Despite being released a few months after Dark Meditations In Monastic Seclusion, Objective: Isolation was actually recorded in 2009 and then shelved during the initial mixing. Mastermind Rory Heikkila created this entire effort by himself, and the project was unfortunately delayed by the formation of Shroud of Despondency's current lineup. Thankfully, the band decided to self-release Objective: Isolation a few years later - definitely a smart move on their part; the material here is far too good to just sit around forever. Dark Meditations In Monastic Seclusion from early 2011 still remains one of my favorites from the entire year, so when I received my promotional e-mail for Objective: Isolation, you can bet that I was excited as hell. The band's knack for creating harsh black metal music that's still eclectic and beautiful really struck a chord with me, so I was quite eager to hear Objective: Isolation. As it turns out, this album is significantly different from Dark Meditations In Monastic Seclusion from nearly every perspective, but it's still almost as excellent. Fans of Shroud of Despondency should definitely check this one out... just don't expect anything like what you heard on the last album!
Whereas Dark Meditations In Monastic Seclusion was focused on folk influences and beautiful acoustic passages matched with harsh black metal music, Objective: Isolation is an experimental black metal album with much more focus on weird and dissonant compositions and progressive instrumental sections. The inclusion of synthesizers, weird sampling of John Lennon's "Give Peace a Chance" (yes, you read that correctly), and spoken word sections set this immediately apart from anything we're used to from recent Shroud of Despondency. Not that it's a bad thing, of course. Rory Heikkila still manages to create an album that is absolutely beautiful and horrifying in conviction, and the outro to "Incongruous" sends chills down my spine every time I hear it. The bleak lyrical topics are also very intriguing - the spoken word portions are horrifying, to say the least. Although I mentioned that this album is "more experimental" than Dark Meditations, it still does include a fair number of acoustic sections; just don't expect them to play a major role in the music.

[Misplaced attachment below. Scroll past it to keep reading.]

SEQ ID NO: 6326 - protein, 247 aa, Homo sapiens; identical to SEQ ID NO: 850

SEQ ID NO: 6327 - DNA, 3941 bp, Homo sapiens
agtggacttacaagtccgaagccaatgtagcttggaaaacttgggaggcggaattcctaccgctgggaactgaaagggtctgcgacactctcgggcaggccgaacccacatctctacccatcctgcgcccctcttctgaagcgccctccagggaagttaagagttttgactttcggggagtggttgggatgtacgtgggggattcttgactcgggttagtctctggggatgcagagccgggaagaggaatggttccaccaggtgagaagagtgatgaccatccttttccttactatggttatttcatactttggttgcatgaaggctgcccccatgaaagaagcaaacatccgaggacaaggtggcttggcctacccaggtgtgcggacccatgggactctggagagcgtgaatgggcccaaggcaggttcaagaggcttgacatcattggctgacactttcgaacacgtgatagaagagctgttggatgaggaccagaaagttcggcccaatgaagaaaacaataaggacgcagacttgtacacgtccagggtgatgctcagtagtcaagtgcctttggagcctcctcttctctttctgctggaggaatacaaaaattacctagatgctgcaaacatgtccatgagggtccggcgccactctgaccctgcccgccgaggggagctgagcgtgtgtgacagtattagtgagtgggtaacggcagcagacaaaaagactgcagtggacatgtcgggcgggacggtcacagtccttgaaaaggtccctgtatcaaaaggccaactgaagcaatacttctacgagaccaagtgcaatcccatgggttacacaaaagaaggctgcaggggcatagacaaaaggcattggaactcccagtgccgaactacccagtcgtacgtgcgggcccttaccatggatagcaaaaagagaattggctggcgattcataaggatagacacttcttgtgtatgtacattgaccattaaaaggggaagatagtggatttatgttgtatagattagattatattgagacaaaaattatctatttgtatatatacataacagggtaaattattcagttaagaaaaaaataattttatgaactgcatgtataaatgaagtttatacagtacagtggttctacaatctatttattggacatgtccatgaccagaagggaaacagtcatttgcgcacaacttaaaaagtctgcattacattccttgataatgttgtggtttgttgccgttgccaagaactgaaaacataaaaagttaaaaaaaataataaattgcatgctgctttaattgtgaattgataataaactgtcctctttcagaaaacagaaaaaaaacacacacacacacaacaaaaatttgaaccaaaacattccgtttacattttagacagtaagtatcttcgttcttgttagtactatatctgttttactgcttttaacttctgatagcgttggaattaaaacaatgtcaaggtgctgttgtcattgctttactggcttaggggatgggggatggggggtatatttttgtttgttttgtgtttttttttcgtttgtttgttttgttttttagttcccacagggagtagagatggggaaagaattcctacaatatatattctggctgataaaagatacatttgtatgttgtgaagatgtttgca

Objective: Isolation is supposedly "un-mastered", but to the average listener, it's not an issue at all. The production is bleak, rough around the edges, yet still powerful and convincing. That's exactly how a black metal album in this vein should sound, in my opinion.
I can't say I enjoyed Objective: Isolation quite as much as Dark Meditations In Monastic Seclusion, but it's still a damn good effort that I've had a great time experiencing. Rory Heikkila is really a genius, and his ability to create such a unique release without the help of other musicians is remarkable. This album is creepy, experimental, weird, and still somehow beautiful. Maybe it's the contrast between melody and dissonance, or the contrast between heavy and light instrumentation - whatever the cause, Objective: Isolation is a chilling album that any black metal fan should greatly enjoy. I'd say this is yet another winner for Shroud of Despondency, and a 3.5 - 4 star rating is well-deserved.
1. An Opposing Shore (6:55)
2. This Transcends Belief (8:01)
3. Incongruous (8:46)
4. A Life Well Lived (9:09)
5. Struggling With The Current (7:00)
6. Wound (6:45)
7. My Carrion (5:27)
8. Silence After The Downfall (9:46)